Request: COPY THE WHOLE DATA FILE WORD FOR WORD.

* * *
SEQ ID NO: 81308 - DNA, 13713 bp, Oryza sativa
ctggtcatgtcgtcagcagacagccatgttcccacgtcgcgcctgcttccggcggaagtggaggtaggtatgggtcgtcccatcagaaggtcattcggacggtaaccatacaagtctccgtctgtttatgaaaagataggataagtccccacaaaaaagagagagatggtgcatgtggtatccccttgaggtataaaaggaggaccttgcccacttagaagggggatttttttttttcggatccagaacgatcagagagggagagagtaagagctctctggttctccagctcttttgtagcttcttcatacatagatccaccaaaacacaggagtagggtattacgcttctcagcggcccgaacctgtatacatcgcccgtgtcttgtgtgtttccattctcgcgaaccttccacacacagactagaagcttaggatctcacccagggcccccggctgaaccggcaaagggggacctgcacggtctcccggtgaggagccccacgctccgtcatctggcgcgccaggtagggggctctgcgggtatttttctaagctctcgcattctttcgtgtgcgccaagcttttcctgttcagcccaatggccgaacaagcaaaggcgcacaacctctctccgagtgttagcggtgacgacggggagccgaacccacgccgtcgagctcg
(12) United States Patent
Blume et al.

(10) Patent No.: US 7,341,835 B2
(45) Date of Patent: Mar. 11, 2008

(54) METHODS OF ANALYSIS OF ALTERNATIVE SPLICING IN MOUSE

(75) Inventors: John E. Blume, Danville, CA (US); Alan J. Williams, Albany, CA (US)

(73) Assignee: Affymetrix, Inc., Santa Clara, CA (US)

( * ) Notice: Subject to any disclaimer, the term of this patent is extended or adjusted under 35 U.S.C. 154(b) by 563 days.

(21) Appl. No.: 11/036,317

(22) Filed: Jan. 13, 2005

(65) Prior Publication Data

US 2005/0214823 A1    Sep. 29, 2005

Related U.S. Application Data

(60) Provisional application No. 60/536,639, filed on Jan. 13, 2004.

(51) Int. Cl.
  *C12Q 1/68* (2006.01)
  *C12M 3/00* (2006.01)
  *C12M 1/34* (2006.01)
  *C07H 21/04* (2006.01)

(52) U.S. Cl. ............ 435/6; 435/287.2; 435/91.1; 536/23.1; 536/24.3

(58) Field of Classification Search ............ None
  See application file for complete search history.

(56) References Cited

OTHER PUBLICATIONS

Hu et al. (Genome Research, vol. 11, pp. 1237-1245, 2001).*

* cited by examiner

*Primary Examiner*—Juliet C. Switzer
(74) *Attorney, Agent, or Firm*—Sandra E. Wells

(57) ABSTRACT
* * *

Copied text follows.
SEQ ID NO: 81308 - DNA, 13713 bp, Oryza sativa
ctggtcatgtcgtcagcagacagccatgttcccacgtcgcgcctgcttccggcggaagtggaggtaggtatgggtcgtcccatcagaaggtcattcggacggtaaccatacaagtctccgtctgtttatgaaaagataggataagtccccacaaaaaagagagagatggtgcatgtggtatccccttgaggtataaaaggaggaccttgcccacttagaagggggatttttttttttcggatccagaacgatcagagagggagagagtaagagctctctggttctccagctcttttgtagcttcttcatacatagatccaccaaaacacaggagtagggtattacgcttctcagcggcccgaacctgtatacatcgcccgtgtcttgtgtgtttccattctcgcgaaccttccacacacagactagaagcttaggatctcacccagggcccccggctgaaccggcaaagggggacctgcacggtctcccggtgaggagccccacgctccgtcatctggcgcgccaggtagggggctctgcgggtatttttctaagctctcgcattctttcgtgtgcgccaagcttttcctgttcagcccaatggccgaacaagcaaaggcgcacaacctctctccgagtgttagcggtgacgacggggagccgaacccacgccgtcgagctcg
(12) United States Patent
Blume et al.

(10) Patent No.: US 7,341,835 B2
(45) Date of Patent: Mar. 11, 2008

(54) METHODS OF ANALYSIS OF ALTERNATIVE SPLICING IN MOUSE

(75) Inventors: John E. Blume, Danville, CA (US); Alan J. Williams, Albany, CA (US)

(73) Assignee: Affymetrix, Inc., Santa Clara, CA (US)

( * ) Notice: Subject to any disclaimer, the term of this patent is extended or adjusted under 35 U.S.C. 154(b) by 563 days.

(21) Appl. No.: 11/036,317

(22) Filed: Jan. 13, 2005

(65) Prior Publication Data

US 2005/0214823 A1    Sep. 29, 2005

Related U.S. Application Data

(60) Provisional application No. 60/536,639, filed on Jan. 13, 2004.

(51) Int. Cl.
  *C12Q 1/68* (2006.01)
  *C12M 3/00* (2006.01)
  *C12M 1/34* (2006.01)
  *C07H 21/04* (2006.01)

(52) U.S. Cl. ............ 435/6; 435/287.2; 435/91.1; 536/23.1; 536/24.3

(58) Field of Classification Search ............ None
  See application file for complete search history.

(56) References Cited

OTHER PUBLICATIONS

Hu et al. (Genome Research, vol. 11, pp. 1237-1245, 2001).*

* cited by examiner

*Primary Examiner*—Juliet C. Switzer
(74) *Attorney, Agent, or Firm*—Sandra E. Wells

(57) ABSTRACT